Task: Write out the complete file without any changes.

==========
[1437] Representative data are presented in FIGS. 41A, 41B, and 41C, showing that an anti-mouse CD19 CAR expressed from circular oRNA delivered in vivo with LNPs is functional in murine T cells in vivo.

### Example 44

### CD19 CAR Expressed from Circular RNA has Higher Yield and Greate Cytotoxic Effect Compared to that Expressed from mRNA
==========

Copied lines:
[1437] Representative data are presented in FIGS. 41A, 41B, and 41C, showing that an anti-mouse CD19 CAR expressed from circular oRNA delivered in vivo with LNPs is functional in murine T cells in vivo.

### Example 44

### CD19 CAR Expressed from Circular RNA has Higher Yield and Greate Cytotoxic Effect Compared to that Expressed from mRNA